Honda CX 500 Forum banner
1 - 4 of 4 Posts

·
Registered
Joined
·
1,493 Posts
Discussion Starter · #1 ·
OK, so the saga continues (as does everyone else's I'm sure):



I took the 79 Custom out for a test ride the other day and while looking it over during ride I could see the front tire wobbling. I know there is a 2mm acceptance or something like that, but this seemed more to my eye. I could only feel it a few times and didn't ride far at all (1/2 mile maybe - not even titled yet)so I honestly don't have much to offer for help.



What are the main things I should be doing and or looking for? I'd like to start with the less invasive stuff first before ripping my wheel apart but I'm guessing that I'll be doing that to check bearings.



Could it simply be the tire? That would make me happy as this one has the rot started and needs to be replaced anyway.



As always, thanks for the help.
 

·
Registered
Joined
·
8,422 Posts
For starters if possible safely jack up the bike under the engine so you can lift the front wheel off the ground so you can spin the wheel.Hold a pencil just slightly away from the tyre then the rim and spin the wheel to see if it's a malformed/badly seated tyre or a bent rim.



Also sometimes tyres develop bulges especially if they have hit something but not punctured on the road.





Also,



http://www.ehow.com/how_4584111_check-motorcycle-wheel-alignment.html
 

·
Registered
Joined
·
1,493 Posts
Discussion Starter · #3 ·
Shep,



Seriously, you are the fastest responder ever! Thanks again. I'll get on that tomorrow. That seems easier than pulling the wheel apart already.
 

·
Registered
Joined
·
170 Posts
No tyre ever runs true, but you should have less than 1mm runout both laterally and radially. Jack the front wheel off the ground so you can check the mechanical truth of the system. Using a fixed pointer, check for a bent rim and try to flex the whole asssembly to check wheel bearings (check the head bearings also by rocking the forks)If all checks out ok then your problem is tyre related. If you look down near the edge of the rim flange you will see a series of concentric lines on the tyre. These are common to all manufacturers and are there expressly for the purpose of being a visual guide to rim fit. This should be even all around the rim flange (on both sides of the tyre) to show correct fitment. If you have two non coincident high or low spots on differing sides then this will cause uneven wear and/or lateral runout that may cause the tyre to flutter. Also be aware however, if looking at the tyre in use, the edges of the tyre may indeed flex ( if the pattern breaks the outer edge of the tread width) but that will not cause physical wobbling. If you have a tyre stability problem this will manifest itself in various ways and is most easily identified by harsh acceleration up to 50mph, then drop the throttle, let go of both bars, and tap the end of one handlebar stoutly. You may well develop a self decaying weave that will eventually stop as the speed drops. The speed/amplitude of the weave may well increase but do not be alarmed. If it worries you and you wish to stop it carefully place both hands back onto the bars with no pressure and slowly lean forward to place more weight on your wrists before tightening your grip to completely decay the weave. If any of the above shows a problem replace the tyre, but dependant upon the amount of remained tread depth you may wish your dealer to further pursue it with the manufacturer for a possible discounted replacement, as, if fitted correctly and wobble is present this is normally a sign of incorrect build execution or curing of the tyre as long as no othe mechanical effects are present (dragging brakes etc)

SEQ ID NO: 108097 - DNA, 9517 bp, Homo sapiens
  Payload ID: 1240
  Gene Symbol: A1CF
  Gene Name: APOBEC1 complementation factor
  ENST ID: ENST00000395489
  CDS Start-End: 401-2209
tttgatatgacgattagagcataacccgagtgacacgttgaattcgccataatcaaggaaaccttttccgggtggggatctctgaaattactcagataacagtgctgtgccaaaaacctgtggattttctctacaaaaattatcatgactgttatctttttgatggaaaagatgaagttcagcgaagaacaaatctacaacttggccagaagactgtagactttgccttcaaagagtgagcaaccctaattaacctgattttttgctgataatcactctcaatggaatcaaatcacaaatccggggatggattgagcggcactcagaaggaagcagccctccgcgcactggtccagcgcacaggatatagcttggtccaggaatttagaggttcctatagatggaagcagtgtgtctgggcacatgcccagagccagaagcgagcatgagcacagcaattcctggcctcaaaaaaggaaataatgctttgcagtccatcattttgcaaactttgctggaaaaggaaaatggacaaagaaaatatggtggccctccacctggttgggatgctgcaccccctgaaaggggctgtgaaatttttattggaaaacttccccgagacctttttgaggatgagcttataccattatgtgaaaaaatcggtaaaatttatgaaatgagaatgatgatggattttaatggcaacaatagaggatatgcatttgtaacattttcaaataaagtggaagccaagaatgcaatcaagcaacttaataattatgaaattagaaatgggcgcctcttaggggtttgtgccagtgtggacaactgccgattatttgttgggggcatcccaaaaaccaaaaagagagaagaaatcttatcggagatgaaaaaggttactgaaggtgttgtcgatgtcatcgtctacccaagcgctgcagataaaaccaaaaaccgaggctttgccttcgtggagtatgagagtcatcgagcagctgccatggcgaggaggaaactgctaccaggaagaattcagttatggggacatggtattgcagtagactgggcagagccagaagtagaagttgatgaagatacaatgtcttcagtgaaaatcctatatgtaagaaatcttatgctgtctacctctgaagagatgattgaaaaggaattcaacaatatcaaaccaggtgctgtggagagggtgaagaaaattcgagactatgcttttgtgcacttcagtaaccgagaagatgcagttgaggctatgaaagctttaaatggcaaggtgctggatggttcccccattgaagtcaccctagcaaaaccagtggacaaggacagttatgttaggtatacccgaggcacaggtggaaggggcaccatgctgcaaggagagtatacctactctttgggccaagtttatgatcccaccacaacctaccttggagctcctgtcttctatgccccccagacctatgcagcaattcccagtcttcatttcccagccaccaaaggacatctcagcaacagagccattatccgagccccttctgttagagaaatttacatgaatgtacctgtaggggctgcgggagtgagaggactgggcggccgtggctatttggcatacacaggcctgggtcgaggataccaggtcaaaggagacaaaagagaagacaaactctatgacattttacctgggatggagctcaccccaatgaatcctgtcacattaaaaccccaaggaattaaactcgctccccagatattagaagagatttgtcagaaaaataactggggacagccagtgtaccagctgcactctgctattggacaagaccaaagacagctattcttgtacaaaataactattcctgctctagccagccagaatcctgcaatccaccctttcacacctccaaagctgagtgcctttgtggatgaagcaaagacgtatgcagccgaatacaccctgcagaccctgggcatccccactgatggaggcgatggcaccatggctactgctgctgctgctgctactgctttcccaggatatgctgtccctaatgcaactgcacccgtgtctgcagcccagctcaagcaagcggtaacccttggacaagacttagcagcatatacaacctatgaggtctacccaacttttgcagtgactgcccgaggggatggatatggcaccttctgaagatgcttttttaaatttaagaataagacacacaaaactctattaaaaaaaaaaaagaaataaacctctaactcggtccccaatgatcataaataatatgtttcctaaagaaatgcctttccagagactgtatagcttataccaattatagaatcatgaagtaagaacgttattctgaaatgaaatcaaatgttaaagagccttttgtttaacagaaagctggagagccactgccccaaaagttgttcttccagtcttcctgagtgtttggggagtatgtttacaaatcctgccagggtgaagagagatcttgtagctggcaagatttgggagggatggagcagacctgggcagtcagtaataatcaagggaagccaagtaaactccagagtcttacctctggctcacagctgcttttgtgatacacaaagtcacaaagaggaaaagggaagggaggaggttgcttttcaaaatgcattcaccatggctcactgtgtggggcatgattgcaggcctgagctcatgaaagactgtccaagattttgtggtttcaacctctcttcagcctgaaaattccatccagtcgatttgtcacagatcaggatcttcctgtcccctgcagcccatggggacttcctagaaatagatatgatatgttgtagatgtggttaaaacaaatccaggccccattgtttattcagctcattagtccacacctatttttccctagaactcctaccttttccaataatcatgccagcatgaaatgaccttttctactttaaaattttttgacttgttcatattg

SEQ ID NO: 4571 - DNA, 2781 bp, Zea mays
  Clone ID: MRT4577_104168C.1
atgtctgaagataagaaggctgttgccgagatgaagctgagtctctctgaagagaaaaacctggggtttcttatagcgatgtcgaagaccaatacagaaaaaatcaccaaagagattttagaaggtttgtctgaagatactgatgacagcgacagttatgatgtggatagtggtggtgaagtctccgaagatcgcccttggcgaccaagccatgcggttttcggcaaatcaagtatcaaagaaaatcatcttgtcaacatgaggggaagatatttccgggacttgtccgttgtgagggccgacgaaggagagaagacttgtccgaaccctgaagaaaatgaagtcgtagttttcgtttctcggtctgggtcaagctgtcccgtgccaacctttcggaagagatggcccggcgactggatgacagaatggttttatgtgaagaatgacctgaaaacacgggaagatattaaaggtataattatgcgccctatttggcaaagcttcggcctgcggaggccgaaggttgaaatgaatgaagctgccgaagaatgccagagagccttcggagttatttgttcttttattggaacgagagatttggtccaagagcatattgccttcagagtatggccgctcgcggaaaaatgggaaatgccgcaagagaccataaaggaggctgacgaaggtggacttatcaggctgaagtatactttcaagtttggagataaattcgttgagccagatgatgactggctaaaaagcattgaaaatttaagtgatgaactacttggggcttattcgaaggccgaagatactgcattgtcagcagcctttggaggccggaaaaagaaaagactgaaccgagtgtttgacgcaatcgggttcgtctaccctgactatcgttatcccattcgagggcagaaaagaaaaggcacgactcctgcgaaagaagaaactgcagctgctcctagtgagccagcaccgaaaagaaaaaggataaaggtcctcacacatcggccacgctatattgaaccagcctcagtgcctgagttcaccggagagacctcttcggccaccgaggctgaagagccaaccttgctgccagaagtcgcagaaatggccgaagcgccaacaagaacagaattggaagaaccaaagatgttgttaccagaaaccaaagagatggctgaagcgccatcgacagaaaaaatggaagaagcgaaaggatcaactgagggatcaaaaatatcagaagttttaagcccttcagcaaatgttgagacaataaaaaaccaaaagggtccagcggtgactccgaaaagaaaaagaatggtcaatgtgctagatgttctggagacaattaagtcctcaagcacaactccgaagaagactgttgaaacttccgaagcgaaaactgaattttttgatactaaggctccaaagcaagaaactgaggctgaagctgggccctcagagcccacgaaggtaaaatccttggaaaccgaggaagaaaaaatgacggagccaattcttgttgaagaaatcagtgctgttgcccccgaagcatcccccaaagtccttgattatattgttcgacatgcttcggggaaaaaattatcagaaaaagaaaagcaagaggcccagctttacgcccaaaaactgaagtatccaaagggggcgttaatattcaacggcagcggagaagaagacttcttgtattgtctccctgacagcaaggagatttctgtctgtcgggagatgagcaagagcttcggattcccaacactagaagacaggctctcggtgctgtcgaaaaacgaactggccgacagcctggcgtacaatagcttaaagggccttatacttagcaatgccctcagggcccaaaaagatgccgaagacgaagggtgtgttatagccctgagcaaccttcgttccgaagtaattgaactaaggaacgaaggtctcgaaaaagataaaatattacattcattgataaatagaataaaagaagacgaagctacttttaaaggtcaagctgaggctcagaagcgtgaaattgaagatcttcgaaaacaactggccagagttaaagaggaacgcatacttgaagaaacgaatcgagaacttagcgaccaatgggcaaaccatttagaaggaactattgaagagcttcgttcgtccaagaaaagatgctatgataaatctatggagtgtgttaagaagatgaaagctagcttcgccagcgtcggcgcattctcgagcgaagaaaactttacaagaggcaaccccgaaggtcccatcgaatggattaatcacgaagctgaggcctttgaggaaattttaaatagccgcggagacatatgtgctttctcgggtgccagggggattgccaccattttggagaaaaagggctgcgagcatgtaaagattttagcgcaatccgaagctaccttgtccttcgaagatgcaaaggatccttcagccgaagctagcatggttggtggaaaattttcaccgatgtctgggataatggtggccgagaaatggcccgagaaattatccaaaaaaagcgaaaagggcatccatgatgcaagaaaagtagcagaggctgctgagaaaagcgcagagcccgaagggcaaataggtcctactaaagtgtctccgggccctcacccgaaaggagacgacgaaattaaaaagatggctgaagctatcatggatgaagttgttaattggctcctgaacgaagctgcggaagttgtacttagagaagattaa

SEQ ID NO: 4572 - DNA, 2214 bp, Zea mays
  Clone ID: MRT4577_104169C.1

1 - 4 of 4 Posts
This is an older thread, you may not receive a response, and could be reviving an old thread. Please consider creating a new thread.
Top